“The more stable the currency was, the more stable society would be –
And the more successful as well.”
– Matthew Lynn, quoting Friedrich Hayek in Lynn’s new book, BUST[ad#Google Adsense 336×280-IA]Greece has a downright depressing record of managing its money and paying its debts. Is the U.S. following Greece’s example? Yes…
If you happened to have $10 quadrillion in U.S. dollars back in 1900, and you converted it into Greek currency, it would have been worth less than $1 a hundred years later.
The previous century in Greece was just as bad. According the book This Time is Different, by Rogoff and Reinhardt, “From 1800 until well after World War II, Greece found itself virtually in continual default [on its debts].”
For the opposite end of the spectrum, consider Switzerland…
If you had $10,000 in U.S. dollars back in 1971, and you converted it into Swiss francs, it would be worth over $50,000 today (not including interest on your money).
Switzerland has had the most stable money over the last 40 years. And as Hayek predicted, the society with the most stable currency is the most stable and successful as well.
The numbers don’t lie… Income per head in Switzerland is $69,000 today, versus $47,000 in the U.S. and $28,000 in Greece.
In his book BUST: Greece, the Euro, and the Sovereign Debt Crisis, Matthew Lynn explains Greece’s repeating pattern through history:
A new government comes in, it embarks on an extravagant spending program, then the economy crashes, and there is an austerity budget and a [European loan] bailout.
Like the old Greek currency, the U.S. dollar has not kept its purchasing power… Today, you must spend $1 to get what would have cost you $0.18 in 1970 – a fall in purchasing power of 82%.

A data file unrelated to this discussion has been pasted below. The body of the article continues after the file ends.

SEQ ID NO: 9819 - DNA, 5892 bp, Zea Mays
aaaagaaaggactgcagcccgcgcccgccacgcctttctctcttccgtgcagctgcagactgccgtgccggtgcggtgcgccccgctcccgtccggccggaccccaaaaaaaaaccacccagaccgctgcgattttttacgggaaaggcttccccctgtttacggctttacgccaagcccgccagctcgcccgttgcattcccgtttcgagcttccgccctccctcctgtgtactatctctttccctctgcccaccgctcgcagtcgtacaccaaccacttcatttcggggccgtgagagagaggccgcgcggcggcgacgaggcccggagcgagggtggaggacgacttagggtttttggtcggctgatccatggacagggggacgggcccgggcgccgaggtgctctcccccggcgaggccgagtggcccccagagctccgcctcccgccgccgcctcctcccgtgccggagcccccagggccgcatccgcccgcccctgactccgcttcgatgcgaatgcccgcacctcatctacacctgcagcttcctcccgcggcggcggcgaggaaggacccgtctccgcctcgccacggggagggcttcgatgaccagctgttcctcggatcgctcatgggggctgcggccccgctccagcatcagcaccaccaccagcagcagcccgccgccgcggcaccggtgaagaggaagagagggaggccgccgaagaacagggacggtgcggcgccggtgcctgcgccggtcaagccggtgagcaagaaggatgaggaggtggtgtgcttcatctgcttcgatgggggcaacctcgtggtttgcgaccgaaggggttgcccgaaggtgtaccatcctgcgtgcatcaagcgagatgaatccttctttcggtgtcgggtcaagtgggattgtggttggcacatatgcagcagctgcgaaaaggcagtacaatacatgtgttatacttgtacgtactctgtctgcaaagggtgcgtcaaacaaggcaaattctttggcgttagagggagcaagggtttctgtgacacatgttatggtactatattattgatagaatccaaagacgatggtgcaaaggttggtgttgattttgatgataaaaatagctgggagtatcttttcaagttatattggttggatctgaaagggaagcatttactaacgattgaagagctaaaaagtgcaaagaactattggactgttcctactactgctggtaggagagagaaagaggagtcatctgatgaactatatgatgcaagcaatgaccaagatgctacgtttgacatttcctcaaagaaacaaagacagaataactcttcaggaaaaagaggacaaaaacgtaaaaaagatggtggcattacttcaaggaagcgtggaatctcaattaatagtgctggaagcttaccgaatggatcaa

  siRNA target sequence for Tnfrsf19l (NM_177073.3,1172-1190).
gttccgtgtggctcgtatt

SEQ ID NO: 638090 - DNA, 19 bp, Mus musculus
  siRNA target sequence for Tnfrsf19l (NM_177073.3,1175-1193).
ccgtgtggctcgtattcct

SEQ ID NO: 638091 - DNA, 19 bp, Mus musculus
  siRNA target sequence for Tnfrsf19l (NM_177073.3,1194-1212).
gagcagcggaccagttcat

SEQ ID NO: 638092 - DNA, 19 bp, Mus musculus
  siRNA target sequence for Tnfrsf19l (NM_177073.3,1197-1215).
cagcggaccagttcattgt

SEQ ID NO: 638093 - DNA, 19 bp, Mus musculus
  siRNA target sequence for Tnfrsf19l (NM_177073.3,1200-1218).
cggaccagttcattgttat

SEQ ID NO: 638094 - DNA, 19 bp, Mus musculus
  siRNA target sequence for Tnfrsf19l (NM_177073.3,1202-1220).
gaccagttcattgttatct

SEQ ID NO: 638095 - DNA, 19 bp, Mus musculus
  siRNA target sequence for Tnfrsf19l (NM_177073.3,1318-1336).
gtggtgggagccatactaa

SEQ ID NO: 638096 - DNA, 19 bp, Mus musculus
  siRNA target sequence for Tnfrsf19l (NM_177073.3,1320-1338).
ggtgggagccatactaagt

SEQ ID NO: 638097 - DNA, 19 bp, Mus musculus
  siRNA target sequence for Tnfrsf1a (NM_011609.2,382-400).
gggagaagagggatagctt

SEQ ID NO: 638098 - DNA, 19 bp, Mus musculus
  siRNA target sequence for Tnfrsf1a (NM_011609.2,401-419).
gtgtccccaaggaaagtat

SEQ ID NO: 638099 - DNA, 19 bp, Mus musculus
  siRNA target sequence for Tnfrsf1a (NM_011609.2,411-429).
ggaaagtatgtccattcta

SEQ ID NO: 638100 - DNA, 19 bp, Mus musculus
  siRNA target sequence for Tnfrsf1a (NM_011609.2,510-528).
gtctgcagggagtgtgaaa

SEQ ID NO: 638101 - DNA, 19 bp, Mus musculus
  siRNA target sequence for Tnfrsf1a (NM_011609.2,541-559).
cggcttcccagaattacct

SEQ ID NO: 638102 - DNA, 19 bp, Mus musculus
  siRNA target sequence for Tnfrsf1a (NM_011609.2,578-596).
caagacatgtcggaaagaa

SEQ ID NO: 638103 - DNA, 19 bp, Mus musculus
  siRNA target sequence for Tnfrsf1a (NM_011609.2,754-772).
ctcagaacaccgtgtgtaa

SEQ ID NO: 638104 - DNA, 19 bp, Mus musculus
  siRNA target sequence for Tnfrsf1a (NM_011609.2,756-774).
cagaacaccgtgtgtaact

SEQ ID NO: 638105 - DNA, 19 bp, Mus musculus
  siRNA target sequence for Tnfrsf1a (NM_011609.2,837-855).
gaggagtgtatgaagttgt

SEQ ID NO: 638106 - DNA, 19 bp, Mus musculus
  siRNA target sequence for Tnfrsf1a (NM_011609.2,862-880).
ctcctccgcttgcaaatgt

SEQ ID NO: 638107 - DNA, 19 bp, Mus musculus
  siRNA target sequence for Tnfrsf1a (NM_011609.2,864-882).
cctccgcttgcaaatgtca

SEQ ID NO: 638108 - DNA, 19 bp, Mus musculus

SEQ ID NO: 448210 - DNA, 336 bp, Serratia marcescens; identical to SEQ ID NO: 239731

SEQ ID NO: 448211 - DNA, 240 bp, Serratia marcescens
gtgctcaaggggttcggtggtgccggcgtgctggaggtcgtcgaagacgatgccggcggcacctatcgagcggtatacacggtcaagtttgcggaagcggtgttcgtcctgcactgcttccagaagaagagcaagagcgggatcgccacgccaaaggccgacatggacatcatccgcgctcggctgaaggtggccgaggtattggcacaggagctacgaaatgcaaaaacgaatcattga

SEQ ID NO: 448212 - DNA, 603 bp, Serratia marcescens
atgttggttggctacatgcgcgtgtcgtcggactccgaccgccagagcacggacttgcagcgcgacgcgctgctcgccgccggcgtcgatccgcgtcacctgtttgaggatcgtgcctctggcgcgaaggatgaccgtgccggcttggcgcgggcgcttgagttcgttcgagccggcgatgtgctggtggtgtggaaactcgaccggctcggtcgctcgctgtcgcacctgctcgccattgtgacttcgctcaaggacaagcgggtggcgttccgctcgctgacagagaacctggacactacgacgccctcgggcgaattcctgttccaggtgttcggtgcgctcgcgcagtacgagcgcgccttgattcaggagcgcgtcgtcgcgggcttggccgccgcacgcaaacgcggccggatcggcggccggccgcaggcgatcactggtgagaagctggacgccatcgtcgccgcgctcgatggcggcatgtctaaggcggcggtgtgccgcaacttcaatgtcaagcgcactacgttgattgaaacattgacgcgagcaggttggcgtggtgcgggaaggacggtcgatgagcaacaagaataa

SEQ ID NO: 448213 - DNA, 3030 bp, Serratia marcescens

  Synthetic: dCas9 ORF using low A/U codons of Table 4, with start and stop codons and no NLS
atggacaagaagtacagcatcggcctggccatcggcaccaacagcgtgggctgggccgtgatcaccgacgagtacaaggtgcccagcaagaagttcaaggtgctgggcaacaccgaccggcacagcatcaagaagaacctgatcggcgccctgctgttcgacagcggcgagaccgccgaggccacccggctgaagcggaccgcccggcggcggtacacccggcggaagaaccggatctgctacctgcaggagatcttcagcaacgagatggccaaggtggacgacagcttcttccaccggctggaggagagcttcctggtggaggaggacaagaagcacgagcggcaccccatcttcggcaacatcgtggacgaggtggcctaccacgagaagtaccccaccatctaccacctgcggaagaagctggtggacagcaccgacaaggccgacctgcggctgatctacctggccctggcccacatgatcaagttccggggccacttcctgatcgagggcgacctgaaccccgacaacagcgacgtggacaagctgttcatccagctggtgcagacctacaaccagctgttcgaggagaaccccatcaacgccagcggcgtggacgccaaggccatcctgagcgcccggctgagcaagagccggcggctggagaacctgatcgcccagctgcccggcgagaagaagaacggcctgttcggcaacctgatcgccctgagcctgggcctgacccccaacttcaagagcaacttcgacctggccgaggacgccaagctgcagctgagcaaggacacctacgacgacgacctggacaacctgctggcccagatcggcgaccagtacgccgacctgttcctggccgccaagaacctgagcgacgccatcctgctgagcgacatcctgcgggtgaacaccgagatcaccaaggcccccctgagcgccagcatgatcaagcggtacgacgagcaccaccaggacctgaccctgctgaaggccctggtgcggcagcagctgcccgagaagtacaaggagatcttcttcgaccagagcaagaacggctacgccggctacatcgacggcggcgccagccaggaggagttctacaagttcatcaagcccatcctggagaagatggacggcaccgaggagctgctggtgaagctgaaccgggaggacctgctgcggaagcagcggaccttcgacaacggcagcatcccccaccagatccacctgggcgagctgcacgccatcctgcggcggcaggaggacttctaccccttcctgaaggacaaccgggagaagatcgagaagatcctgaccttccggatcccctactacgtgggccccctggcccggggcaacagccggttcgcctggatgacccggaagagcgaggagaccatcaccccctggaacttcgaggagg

In Greece today, the people want their government to fulfill all its promises for pensions and wages. The problem is, the promises were too big, and now Greece is broke. There is no money to pay for the promises.
The story in the U.S. is the same. New governments come in and embark on extravagant spending programs. The economy has now crashed. And the government doesn’t have the money to pay for the spending programs as promised.
But the people don’t want to hear it. How is that different than Greece?
Politically, the government won’t be able to cut near enough spending. And it’ll be difficult to raise taxes as well. The easiest way out for the government – whether it’s Greece or the U.S. – is to let its currency crash.
Friedrich Hayek explained the inevitable outcome decades ago, in his booklet Choice in Currency: A Way to Stop Inflation:
As has sooner or later happened everywhere, government control of the quantity of money has once again proved fatal.
I do not want to question that a very intelligent and wholly independent national or international monetary authority might do better than international gold standard, or any other sort of automatic system. But I see not the slightest hope that any government, or any institution subject to political pressure, will ever be able to act in such a manner.[ad#article-bottom]The U.S. is already going down this road. A decade ago, $300 in U.S. dollars would buy you an ounce of gold. Today, it takes over $1,500 to buy an ounce of gold.
The U.S. has been a great country, for centuries. But that doesn’t mean it’s immune from the simple truth above – printing money is politically easier than cutting spending or raising taxes.
Stable money can lead to a stable and successful society. Right now, U.S. money is unstable. And our society is suffering for it. Banks don’t want to lend for the long term. And companies don’t want to invest.
What can you do? Make sure you have money outside of U.S. dollars and in history’s most stable form of money… gold.
— Steve Sjuggerud[ad#jack p.s.]
Source: Daily Wealth